It's no secret that Nicolette Mason is one of our favorites here at R29. The fashion blogger, Marie Claire contributor, and creative consultant is both devastatingly stylish and funny as hell, so any interview with her is well worth a read. But, her latest sit-down with The Huffington Post actually stunned us — in more ways than one — and started at least two conversations that really need to happen in fashion more often.
Overall, the interview focuses on Mason's feelings about the sometimes-reductive term "plus-size" and her experiences with discrimination in straight-size stores. But, it begins, as most interviews do, with a straightforward question about how Mason broke into the industry. Cue the usual platitudes about hard work, heart, and hustle, right? Actually, no. Mason chose to answer this question with a nuanced discussion of the privilege she was born into, specifically mentioning that her white skin and "affluent background" represented "a huge foot in the door." She also cites "access points" that served her career well, such as living in New York City and attending Parsons School of Design.
Of course, Mason does go on to mention her own hard work — and, in an industry as competitive as fashion, it's doubtless that she had to put in plenty of that. However, she says, she feels a responsibility to discuss the ways privilege intersects with talent to create success. And, when people don't recognize the advantages they've grown up with? "It's really frustrating for me, and that's something I see a lot in the fashion world," Mason notes. "I don't think there is anything inherently wrong with being privileged, but you have to acknowledge that it's a factor in a person's success."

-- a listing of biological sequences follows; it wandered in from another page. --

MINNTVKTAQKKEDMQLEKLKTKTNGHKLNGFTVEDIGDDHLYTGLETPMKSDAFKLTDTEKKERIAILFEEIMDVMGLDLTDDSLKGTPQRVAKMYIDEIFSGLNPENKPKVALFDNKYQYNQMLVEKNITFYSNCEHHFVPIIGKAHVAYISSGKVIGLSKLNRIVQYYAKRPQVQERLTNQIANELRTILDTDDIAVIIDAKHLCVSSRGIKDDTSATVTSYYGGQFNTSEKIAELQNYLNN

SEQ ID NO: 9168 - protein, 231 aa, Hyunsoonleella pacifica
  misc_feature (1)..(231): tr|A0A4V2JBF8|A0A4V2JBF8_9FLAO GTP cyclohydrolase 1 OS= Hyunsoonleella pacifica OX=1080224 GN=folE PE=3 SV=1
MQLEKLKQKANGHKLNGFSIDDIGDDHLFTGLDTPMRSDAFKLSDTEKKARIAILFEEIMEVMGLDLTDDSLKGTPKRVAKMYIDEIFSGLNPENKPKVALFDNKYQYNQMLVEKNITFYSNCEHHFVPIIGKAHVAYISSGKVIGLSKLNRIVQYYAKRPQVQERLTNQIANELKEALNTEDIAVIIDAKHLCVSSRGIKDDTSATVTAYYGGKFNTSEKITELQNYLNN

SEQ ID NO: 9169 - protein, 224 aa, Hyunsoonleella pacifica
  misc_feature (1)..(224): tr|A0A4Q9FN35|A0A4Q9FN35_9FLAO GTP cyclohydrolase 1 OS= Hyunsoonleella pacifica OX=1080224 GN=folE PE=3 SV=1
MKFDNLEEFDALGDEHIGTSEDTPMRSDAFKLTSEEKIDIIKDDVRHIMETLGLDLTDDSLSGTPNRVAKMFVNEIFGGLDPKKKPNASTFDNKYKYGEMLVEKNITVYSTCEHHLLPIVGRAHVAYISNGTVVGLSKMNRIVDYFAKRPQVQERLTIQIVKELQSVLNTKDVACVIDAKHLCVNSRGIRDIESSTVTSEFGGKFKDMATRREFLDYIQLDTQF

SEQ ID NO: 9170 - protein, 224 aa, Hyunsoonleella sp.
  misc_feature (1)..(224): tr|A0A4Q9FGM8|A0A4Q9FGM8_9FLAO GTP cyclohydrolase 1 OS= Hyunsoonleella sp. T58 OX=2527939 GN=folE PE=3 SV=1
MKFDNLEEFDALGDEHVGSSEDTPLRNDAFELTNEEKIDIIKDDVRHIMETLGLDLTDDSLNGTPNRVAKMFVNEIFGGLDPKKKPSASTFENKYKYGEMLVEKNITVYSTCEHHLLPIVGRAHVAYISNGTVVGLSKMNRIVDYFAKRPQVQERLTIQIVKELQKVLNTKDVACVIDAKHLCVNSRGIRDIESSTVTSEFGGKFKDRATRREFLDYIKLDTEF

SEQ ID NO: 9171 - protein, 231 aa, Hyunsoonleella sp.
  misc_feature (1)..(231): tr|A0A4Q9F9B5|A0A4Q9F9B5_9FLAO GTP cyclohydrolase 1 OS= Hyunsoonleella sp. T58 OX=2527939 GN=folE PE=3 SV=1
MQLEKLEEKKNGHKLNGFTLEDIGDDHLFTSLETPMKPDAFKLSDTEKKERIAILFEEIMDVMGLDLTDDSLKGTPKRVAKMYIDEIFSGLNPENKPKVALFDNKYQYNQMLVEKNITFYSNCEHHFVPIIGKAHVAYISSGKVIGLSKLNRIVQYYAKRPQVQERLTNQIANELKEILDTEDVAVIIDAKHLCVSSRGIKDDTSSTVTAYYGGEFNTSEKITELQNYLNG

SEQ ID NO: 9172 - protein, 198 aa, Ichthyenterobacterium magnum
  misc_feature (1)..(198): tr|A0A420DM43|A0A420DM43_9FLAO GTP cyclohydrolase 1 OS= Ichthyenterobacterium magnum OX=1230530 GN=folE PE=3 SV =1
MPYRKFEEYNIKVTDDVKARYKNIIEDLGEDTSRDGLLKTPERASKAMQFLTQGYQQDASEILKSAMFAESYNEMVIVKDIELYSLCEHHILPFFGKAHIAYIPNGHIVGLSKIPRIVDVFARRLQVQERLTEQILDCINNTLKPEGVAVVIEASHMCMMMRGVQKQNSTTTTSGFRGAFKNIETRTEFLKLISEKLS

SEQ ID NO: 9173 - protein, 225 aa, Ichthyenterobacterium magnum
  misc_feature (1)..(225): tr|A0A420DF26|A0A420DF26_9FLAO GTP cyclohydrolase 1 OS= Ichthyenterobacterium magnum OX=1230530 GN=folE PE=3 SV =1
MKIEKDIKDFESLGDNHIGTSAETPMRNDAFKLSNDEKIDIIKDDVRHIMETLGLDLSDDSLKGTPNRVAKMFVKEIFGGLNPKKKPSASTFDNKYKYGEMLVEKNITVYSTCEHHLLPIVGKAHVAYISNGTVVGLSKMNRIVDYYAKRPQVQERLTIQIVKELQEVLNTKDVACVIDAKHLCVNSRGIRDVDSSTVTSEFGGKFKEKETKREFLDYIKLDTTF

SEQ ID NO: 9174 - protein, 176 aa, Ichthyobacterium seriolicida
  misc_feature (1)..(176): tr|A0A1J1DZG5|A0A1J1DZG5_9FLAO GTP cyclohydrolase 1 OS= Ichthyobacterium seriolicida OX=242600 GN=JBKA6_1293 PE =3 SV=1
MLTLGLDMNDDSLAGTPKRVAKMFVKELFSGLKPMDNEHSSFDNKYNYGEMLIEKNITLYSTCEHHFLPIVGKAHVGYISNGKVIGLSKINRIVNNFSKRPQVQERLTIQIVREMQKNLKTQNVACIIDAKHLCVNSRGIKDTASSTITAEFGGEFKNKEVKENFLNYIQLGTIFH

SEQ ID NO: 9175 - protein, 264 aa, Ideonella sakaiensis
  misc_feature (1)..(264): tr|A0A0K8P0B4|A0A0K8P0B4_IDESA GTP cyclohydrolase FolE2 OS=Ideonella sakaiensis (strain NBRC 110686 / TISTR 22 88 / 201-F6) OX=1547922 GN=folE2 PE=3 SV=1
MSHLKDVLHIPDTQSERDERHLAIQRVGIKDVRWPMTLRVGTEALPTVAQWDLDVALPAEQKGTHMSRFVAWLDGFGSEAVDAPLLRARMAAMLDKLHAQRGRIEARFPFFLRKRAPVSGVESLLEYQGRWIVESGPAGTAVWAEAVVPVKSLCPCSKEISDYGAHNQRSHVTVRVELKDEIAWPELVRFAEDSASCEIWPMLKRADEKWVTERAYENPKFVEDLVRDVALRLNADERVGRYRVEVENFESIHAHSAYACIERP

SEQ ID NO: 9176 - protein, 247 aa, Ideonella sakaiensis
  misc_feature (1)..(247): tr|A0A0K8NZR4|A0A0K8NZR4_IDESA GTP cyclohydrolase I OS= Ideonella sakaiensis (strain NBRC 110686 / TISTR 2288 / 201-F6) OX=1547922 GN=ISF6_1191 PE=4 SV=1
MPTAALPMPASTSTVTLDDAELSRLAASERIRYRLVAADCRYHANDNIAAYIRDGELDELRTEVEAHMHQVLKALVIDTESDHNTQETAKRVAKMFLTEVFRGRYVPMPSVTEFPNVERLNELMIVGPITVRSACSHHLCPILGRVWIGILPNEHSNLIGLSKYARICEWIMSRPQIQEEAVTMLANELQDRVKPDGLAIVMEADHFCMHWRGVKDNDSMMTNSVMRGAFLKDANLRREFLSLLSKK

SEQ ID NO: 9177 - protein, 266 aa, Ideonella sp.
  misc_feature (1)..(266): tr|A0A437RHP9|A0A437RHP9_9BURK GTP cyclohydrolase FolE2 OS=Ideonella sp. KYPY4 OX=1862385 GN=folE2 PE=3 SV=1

Mason could have easily answered the "How did you make it?" question in a self-serving or myopic way. That she instead chose to respond with a frank discussion of her racial and economic privilege frames her success in a way that's both graceful and humble, and it also acknowledges the hard truth that the opportunities she's had may not have come as easily to a similarly talented person from a less privileged background. We wish more people in the industry were as clear-eyed about its racial and socioeconomic biases. If Mason's brand of truth telling caught on, fashion as a whole — and the many people who love it — could only benefit.